Electronic Design

Debug And Design Exploration Tool Finds Out What Makes SoCs Tick

Debugging and verifying system-on-a-chip (SoC) designs is taking an ever-larger portion of overall design cycles. A behavior-based debug system known as Verdi aims to minimize debug cycles by revealing the true behavior of digital IC designs.

This tool combines behavior-based debugging capabilities with the traditional debug features of the earlier Debussy tool. It's built on top of the Design Knowledge Architecture at Debussy's core. Verdi adds mathematical analysis, temporal visualization, and symbolic exploration to the mix.

Verdi's application of synthesis and formal verification methods results in thorough analysis of cause-and-effect relationships. Users can visualize design behavior over time and explore alternate behaviors within the Verdi environment.

The tool automatically infers the logic functions of a design from its register-transfer-level or gate-level descriptions. It interprets simulation results to generate an internal model of actual design behavior over time. This replaces the manual correlation of signal events with logic structures traditional debugging approaches require.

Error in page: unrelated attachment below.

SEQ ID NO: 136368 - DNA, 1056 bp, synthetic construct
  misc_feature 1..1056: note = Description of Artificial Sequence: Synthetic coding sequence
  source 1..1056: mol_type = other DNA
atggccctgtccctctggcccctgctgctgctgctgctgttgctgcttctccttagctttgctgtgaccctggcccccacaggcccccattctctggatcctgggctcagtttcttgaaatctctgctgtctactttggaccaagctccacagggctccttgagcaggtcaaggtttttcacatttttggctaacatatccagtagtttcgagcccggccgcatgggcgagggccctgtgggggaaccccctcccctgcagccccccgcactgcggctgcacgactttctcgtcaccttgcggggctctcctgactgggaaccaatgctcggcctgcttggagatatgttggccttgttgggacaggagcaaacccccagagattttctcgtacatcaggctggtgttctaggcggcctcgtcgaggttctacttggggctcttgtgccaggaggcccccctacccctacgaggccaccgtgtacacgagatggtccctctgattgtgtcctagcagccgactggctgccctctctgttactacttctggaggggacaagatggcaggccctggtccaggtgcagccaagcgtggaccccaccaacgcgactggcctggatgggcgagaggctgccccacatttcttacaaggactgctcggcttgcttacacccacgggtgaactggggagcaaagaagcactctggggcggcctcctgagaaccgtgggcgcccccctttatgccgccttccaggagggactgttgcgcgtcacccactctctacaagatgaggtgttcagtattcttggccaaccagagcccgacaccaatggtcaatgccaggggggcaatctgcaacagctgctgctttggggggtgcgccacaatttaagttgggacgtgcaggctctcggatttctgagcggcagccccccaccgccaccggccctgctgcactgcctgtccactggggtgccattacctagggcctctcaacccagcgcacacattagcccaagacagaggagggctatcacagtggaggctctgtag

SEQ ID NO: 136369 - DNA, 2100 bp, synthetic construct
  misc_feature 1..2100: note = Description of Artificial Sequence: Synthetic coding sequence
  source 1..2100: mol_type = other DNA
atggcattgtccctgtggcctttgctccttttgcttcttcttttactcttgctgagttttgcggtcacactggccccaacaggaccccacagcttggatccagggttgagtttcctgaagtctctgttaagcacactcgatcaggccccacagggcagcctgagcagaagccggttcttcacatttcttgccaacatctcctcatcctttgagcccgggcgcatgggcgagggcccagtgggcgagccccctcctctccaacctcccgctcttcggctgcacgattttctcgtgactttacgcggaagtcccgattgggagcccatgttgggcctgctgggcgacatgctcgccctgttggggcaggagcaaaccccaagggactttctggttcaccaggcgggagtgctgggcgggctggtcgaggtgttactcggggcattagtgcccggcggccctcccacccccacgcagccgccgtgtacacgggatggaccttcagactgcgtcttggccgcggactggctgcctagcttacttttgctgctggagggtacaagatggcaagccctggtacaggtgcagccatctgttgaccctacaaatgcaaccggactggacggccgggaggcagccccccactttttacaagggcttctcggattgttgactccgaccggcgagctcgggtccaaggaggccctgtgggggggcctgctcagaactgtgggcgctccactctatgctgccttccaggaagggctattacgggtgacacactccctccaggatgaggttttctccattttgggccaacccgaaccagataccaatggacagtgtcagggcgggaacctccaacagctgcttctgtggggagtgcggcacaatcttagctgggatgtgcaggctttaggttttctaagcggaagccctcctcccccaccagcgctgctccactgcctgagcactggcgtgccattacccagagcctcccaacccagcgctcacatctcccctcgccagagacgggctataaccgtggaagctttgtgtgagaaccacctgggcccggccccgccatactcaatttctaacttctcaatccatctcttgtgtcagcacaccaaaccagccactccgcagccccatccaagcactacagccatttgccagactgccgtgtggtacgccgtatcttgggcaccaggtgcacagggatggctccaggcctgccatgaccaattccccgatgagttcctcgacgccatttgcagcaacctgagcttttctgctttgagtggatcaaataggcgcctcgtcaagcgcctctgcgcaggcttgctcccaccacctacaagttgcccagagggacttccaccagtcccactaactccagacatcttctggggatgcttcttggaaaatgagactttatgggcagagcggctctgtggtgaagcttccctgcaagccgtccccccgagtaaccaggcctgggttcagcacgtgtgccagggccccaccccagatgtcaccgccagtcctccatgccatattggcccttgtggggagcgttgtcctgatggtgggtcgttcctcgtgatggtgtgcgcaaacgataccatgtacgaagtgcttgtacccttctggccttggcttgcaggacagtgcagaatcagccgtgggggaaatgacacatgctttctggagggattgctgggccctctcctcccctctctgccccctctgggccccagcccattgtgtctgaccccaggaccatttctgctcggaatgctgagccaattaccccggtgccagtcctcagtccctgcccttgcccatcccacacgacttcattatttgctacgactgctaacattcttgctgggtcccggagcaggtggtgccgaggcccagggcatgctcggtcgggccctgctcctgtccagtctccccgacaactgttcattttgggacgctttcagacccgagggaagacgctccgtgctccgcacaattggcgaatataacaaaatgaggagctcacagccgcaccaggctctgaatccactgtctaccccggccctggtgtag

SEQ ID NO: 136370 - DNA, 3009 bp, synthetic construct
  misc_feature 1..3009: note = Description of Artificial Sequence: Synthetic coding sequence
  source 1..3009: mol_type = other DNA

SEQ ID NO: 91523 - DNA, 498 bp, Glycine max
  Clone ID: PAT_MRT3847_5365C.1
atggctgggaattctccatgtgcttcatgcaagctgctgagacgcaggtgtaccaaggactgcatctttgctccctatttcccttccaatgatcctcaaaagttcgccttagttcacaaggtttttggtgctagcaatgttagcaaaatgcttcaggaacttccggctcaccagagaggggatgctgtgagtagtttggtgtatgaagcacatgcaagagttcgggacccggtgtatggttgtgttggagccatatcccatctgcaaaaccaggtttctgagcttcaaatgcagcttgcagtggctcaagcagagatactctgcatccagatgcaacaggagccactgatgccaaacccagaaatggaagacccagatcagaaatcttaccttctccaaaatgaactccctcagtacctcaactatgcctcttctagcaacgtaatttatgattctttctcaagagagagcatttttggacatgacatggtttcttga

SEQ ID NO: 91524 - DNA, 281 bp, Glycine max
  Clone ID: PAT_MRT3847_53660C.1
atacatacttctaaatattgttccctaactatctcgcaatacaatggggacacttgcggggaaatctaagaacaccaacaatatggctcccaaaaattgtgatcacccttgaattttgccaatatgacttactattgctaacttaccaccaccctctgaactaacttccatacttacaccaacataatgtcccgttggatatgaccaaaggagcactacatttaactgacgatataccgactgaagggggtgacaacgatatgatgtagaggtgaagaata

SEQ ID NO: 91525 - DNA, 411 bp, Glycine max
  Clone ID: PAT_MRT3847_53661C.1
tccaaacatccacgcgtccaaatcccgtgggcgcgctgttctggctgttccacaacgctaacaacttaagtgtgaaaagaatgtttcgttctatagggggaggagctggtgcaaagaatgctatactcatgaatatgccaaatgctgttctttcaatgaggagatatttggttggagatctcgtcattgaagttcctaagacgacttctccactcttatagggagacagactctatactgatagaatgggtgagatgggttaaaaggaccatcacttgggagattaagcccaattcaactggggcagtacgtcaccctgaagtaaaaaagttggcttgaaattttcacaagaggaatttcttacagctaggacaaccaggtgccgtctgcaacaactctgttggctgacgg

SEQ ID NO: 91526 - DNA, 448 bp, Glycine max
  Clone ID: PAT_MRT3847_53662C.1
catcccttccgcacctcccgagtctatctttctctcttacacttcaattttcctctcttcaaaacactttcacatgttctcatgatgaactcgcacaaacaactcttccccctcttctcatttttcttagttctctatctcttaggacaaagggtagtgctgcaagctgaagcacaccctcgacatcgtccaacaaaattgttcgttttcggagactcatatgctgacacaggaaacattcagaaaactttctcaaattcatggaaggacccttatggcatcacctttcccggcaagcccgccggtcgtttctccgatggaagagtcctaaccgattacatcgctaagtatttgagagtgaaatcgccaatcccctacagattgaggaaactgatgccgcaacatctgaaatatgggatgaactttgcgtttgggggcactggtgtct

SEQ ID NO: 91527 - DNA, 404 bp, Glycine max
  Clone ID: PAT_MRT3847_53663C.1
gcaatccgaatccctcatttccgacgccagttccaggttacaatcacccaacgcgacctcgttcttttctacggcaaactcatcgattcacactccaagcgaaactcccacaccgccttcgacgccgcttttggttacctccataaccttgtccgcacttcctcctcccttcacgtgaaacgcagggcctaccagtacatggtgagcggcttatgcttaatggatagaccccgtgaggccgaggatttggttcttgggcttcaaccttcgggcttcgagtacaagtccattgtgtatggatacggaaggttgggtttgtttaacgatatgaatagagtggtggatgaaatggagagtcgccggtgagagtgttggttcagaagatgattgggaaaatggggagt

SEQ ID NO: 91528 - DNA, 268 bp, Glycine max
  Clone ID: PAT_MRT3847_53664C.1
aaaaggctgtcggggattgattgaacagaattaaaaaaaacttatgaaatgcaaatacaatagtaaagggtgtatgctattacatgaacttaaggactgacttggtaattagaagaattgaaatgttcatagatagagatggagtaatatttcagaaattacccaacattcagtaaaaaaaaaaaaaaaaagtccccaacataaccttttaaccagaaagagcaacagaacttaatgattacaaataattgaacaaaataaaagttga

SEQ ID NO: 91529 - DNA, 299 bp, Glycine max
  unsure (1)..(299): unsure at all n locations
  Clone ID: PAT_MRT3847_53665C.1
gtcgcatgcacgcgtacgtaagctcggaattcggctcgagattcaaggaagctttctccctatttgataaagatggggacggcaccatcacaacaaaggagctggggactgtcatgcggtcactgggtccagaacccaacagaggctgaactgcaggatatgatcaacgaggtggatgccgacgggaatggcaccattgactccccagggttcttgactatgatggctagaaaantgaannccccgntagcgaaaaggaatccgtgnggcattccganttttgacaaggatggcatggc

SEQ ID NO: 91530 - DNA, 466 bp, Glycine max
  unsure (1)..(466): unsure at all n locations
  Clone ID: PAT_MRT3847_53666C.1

New visualization capabilities let Verdi show how control and data flow through the logic with graphical views. Users can isolate active logic paths to gain insight into the root causes of specific design behavior, both expected and unexpected. It also automatically traces signals back through time to show how an unfamiliar design works.

An open, interoperable system, Verdi shares the same application programming interfaces that have enabled Debussy to be integrated with popular logic simulators and formal verification and analysis tools as well as other third-party design tools for a tightly integrated verification and debug flow.

Verdi is a bundled product that combines its behavior-based debugging abilities with Debussy's core features. It ships in July for Unix and Linux platforms. An annual subscription license supporting Verilog, VHDL, and mixed-language designs starts at $14,000.

Novas Software Inc., www.novas.com; (408) 467-7888.

See associated figure

Hide comments

Comments

  • Allowed HTML tags: <em> <strong> <blockquote> <br> <p>

Plain text

  • No HTML tags allowed.
  • Web page addresses and e-mail addresses turn into links automatically.
  • Lines and paragraphs break automatically.
Publish